STUDIO: Vivendi Entertainment

MSRP: $19.93

RATED: Not Rated

RUNNING TIME: 94 minutes


•  Not a single thing

The Pitch

Remember how awesome it was when Brian Bosworth infiltrated that group of biker gangs?  Let’s do that but have them be undead.  And instead of Bosworth, we’ll get Miguel Ferrer.  And instead of being infiltrated, we’ll have them attack a group of twenty-somethings in an RV.  So, yeah, I guess it’s not like Stone Cold at all.

The Humans

Miguel effin Ferrer.  Top billing.  What else do you need to know?

The Nutshell

Miguel Ferrer is an immortal dark priest looking to arrange the birth of the Antichrist.  A group of idealist Generation Y-ers happen upon one of their friendly, naked-women-eating rituals one night in the backwoods of Texas.  As you can imagine, it doesn’t end up all that well for our young, attractive campers.

Something odd and/or quirky must be happening just off camera toward stage left that may or may not endear us to these characters and make us hope they don’t die.

The Lowdown

When Miguel Ferrer gets top billing in a movie, you know you’re in for a treat.  For a man who has never had his name above the movie title in any movie in recent (or ever?) memory, you have to wonder: why now?  And: why Hard Ride to Hell?

I’ll tell you why: his role as Jefe allows Ferrer to kill two acting birds with one stone.  Since he has always wanted to play both an obstetrician and a dark magic priest, taking this part was a no-brainer because he got to accomplish both feats as one character: the opening scene features Jefe’s grizzly attempts at an impromptu childbirth that would make Caesar himself proud — and the rest of us either queasy or jazzed for what wonderful gory gifts that would be in store for the rest of the movie.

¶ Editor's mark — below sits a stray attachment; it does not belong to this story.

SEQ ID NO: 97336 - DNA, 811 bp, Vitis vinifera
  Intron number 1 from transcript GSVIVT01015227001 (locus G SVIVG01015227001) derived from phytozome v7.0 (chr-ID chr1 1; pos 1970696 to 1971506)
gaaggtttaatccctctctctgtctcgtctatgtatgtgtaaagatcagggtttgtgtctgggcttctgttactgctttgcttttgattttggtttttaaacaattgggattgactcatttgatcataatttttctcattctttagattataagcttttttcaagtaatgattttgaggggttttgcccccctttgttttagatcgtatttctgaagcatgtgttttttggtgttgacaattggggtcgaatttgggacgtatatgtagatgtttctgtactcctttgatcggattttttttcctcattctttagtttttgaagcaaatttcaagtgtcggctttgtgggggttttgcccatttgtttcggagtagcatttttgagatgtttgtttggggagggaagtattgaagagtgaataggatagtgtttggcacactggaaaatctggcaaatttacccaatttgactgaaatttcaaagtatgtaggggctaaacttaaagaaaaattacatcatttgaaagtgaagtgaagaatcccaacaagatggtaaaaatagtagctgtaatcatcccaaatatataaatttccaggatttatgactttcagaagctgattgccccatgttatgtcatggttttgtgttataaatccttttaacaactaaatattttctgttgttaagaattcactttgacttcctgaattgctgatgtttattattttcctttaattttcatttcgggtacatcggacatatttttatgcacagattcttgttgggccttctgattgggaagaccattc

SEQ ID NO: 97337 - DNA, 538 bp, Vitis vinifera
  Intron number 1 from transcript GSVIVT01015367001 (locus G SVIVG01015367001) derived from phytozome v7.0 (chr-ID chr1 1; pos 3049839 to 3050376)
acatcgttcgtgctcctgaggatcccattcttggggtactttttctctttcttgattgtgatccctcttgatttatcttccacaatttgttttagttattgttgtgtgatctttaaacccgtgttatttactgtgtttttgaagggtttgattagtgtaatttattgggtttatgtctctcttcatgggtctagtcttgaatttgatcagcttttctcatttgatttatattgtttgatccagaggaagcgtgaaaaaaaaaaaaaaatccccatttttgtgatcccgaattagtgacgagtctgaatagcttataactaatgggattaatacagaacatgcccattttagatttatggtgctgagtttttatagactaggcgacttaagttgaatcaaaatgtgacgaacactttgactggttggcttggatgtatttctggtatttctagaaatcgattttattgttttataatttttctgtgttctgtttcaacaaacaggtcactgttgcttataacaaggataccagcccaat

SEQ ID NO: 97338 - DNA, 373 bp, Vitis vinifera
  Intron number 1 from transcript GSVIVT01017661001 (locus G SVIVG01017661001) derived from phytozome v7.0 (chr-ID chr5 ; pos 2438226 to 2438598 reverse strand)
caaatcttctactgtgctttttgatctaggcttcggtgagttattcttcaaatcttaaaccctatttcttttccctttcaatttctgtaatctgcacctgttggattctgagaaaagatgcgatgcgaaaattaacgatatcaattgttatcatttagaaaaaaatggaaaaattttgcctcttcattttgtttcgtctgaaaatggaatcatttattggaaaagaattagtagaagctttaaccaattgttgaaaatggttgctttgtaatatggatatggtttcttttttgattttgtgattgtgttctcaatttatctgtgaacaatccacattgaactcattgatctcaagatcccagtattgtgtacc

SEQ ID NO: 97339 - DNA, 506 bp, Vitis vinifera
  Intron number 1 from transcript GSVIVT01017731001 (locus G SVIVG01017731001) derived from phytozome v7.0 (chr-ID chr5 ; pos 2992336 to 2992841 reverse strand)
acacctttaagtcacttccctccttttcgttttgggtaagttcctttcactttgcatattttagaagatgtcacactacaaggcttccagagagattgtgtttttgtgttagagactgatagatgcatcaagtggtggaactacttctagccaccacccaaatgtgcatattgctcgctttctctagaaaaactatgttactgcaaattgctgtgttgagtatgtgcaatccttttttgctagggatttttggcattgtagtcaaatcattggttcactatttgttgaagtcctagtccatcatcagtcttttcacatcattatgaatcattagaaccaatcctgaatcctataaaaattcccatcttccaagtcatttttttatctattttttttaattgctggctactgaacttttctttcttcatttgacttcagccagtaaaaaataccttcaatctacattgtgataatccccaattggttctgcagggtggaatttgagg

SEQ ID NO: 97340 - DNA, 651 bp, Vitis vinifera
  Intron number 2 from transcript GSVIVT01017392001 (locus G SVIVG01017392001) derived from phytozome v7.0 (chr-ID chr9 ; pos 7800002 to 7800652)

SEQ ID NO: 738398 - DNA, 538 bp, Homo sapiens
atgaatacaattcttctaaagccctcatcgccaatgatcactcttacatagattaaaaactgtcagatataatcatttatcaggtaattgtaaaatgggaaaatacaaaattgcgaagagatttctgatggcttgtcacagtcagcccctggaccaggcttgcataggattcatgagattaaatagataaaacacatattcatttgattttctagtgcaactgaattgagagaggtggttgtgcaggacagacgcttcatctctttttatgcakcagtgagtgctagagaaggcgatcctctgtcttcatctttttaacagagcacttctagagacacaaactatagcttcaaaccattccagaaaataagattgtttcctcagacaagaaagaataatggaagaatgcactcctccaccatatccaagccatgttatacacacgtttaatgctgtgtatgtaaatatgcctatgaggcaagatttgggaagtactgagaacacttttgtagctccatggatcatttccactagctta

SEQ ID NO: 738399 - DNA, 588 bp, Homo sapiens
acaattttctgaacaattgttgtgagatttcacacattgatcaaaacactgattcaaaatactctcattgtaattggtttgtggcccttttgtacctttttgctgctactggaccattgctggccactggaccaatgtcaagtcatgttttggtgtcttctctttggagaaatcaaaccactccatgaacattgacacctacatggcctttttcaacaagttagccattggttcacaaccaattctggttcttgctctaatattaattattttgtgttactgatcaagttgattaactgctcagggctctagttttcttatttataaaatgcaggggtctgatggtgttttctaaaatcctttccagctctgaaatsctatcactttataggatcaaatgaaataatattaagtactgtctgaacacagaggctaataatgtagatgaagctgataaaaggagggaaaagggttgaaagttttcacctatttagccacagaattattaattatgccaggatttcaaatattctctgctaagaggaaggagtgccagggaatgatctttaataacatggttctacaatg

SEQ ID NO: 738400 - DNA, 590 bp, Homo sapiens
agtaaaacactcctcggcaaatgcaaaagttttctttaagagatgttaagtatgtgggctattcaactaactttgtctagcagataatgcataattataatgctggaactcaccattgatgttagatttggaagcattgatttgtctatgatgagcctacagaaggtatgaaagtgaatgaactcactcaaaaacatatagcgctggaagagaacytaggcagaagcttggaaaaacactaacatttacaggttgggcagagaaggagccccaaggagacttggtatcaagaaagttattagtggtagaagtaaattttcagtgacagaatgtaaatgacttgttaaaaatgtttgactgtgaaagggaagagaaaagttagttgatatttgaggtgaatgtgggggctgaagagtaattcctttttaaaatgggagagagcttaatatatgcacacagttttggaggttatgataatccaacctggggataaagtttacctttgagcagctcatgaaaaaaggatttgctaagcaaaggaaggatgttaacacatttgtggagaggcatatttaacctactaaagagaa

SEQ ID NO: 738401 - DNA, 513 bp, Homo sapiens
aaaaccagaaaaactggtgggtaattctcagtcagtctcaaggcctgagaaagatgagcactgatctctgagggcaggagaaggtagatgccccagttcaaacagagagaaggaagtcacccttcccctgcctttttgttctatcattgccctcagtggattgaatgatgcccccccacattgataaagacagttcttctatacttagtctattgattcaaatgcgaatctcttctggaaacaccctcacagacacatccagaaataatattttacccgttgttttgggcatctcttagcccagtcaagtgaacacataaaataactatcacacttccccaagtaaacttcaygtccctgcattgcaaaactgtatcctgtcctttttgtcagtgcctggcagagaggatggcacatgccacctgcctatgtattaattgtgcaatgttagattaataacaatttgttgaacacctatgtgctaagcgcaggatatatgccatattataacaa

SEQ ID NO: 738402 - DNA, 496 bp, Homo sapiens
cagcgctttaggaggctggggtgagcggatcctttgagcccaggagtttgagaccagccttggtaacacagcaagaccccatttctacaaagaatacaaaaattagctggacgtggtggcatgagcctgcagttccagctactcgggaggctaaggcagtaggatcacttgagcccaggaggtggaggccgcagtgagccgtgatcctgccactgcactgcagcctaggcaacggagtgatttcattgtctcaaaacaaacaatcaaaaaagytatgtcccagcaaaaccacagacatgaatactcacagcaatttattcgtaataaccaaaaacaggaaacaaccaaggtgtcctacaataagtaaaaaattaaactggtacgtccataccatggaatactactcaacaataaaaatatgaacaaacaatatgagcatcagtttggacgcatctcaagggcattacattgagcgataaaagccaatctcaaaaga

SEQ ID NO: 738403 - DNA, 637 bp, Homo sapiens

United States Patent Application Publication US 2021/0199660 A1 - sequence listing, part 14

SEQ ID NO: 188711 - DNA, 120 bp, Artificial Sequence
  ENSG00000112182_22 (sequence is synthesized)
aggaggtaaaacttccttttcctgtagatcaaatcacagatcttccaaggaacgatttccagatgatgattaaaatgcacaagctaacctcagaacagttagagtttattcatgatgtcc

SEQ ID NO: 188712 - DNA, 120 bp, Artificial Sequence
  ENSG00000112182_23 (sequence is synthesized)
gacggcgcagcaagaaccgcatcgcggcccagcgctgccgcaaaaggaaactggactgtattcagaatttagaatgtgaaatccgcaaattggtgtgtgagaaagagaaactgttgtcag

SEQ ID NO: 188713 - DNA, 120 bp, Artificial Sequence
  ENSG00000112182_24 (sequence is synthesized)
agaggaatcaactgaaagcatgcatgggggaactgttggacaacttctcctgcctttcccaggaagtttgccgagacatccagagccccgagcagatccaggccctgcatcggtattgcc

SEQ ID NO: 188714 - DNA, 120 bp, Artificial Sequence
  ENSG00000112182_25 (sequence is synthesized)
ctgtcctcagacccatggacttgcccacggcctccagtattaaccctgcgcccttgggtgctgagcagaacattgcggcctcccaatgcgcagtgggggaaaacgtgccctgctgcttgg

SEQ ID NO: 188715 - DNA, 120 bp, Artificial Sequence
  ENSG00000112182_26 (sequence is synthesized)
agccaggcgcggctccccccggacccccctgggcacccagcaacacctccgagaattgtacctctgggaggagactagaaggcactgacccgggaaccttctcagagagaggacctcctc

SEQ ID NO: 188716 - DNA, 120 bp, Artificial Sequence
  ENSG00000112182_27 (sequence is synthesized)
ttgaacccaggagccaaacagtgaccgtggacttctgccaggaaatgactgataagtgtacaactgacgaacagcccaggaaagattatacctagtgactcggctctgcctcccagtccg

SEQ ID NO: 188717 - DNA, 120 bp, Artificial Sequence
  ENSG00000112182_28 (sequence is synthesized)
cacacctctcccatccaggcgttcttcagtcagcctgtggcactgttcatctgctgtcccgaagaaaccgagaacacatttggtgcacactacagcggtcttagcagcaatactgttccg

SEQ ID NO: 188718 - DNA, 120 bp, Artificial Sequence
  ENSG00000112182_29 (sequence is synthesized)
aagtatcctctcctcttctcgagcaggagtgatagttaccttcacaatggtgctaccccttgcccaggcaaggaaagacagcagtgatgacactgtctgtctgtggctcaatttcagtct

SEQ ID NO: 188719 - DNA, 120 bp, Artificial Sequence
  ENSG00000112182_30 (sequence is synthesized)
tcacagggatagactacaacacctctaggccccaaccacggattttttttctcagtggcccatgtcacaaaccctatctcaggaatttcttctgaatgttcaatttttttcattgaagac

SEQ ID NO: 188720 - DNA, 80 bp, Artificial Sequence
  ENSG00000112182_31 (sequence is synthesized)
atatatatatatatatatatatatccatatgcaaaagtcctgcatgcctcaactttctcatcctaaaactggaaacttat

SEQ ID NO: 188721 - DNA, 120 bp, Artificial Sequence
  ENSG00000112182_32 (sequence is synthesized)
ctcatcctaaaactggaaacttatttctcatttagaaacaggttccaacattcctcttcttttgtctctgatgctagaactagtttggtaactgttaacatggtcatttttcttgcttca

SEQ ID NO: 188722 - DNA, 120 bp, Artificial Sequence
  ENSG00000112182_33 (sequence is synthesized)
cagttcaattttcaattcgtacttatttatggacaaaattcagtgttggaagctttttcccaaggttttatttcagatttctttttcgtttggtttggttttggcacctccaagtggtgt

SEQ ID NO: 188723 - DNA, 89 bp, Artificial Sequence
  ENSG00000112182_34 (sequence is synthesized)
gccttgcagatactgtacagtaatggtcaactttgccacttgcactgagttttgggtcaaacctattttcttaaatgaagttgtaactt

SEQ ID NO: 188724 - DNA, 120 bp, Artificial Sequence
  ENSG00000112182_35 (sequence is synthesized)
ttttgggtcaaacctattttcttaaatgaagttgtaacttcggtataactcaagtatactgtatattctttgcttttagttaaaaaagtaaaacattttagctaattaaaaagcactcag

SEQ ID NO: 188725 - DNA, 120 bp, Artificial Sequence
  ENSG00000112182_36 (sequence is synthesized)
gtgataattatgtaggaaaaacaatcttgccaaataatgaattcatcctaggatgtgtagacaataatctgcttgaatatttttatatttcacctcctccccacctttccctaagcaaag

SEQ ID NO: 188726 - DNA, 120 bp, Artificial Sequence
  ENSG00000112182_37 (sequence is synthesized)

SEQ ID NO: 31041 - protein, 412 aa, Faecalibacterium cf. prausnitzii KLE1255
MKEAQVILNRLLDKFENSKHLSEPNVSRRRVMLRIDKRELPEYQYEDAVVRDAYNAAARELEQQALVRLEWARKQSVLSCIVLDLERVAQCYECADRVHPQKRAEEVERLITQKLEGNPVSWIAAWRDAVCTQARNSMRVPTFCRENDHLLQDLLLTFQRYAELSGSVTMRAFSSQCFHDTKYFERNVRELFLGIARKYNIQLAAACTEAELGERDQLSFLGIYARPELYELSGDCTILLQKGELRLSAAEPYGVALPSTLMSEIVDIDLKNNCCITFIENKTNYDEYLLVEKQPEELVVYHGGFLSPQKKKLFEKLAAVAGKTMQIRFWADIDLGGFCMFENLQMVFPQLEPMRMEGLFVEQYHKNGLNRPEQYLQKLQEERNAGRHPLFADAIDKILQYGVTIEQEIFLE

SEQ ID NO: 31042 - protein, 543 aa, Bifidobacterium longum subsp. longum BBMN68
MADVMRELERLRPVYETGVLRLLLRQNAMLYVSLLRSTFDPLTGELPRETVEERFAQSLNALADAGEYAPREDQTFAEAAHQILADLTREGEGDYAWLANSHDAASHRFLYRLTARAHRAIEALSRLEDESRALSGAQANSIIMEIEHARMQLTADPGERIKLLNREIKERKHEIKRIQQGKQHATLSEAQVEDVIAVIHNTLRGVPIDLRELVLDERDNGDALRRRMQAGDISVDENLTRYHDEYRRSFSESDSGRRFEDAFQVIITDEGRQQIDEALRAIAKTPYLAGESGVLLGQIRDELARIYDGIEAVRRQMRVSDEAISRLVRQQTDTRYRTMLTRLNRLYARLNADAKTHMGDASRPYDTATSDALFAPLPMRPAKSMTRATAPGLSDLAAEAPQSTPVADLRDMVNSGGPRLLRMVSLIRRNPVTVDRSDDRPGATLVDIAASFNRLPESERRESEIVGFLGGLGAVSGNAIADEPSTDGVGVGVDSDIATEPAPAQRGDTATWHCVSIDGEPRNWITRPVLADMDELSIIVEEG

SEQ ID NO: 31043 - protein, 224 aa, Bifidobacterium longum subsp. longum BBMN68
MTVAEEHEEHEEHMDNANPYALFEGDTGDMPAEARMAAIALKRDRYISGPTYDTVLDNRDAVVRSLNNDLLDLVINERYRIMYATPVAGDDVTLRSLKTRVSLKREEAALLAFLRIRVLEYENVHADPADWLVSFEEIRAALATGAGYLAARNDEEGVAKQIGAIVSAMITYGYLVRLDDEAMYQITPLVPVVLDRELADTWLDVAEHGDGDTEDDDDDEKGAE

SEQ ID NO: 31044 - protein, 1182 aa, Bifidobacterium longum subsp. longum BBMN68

Sadly, the film doesn’t quite live up to the promise of the opening several minutes.  And while it predictably lacks in acting quality and plot, the real bummer is that for being a movie about an immortal sect of dark magic-practicing Hell’s Angels hellbent on finding the one woman strong enough to handle Jefe’s seed and give birth to the Antichrist, there really isn’t much in the way of gruesome, stomach-churning, violent deaths.  And since this DVD proudly touts the “Unrated & Uncut” label, I expected much more in this department.

Not one to rest even in death, Elvis adapted his stage routine to fit in better with the rest of the damned.

The film is fairly straightforward: a group of friends travel via RV through Texas on their way to a Habitat for Humanity project, despite the main couple being paralyzed by grief over having just miscarried what would’ve been their first child. (Gee, I wonder if maybe she ends up being the one destined to carry on the Jefe’s dark bloodline? Hmmm…) They stop at a campground for the night, meet some creepy guy named Bob who is a traveling knife salesman, and then, as evidenced by the blurb on the back of the box, make the biggest mistakes of their lives when they accidentally run into the aforementioned Babylonian-god-worshiping bikers.  

Since the movie only starts out with five friends in the RV, there isn’t much death to go around without killing off the entire crew in the first 30 minutes and rendering the whole idea of making a feature-length picture pretty much moot.  In order for this to work, director Penelope Buttenhuis needs to create tension and suspense.  She doesn’t.  Not that these types of movies are expected to have serious thrills so much as thrilling kills, so I don’t need that necessarily — but, when you’re lacking the one, you definitely want the other otherwise you can get bored rather quickly.  And such is the case for Hard Ride to Hell.

“Get in mah belly!!!”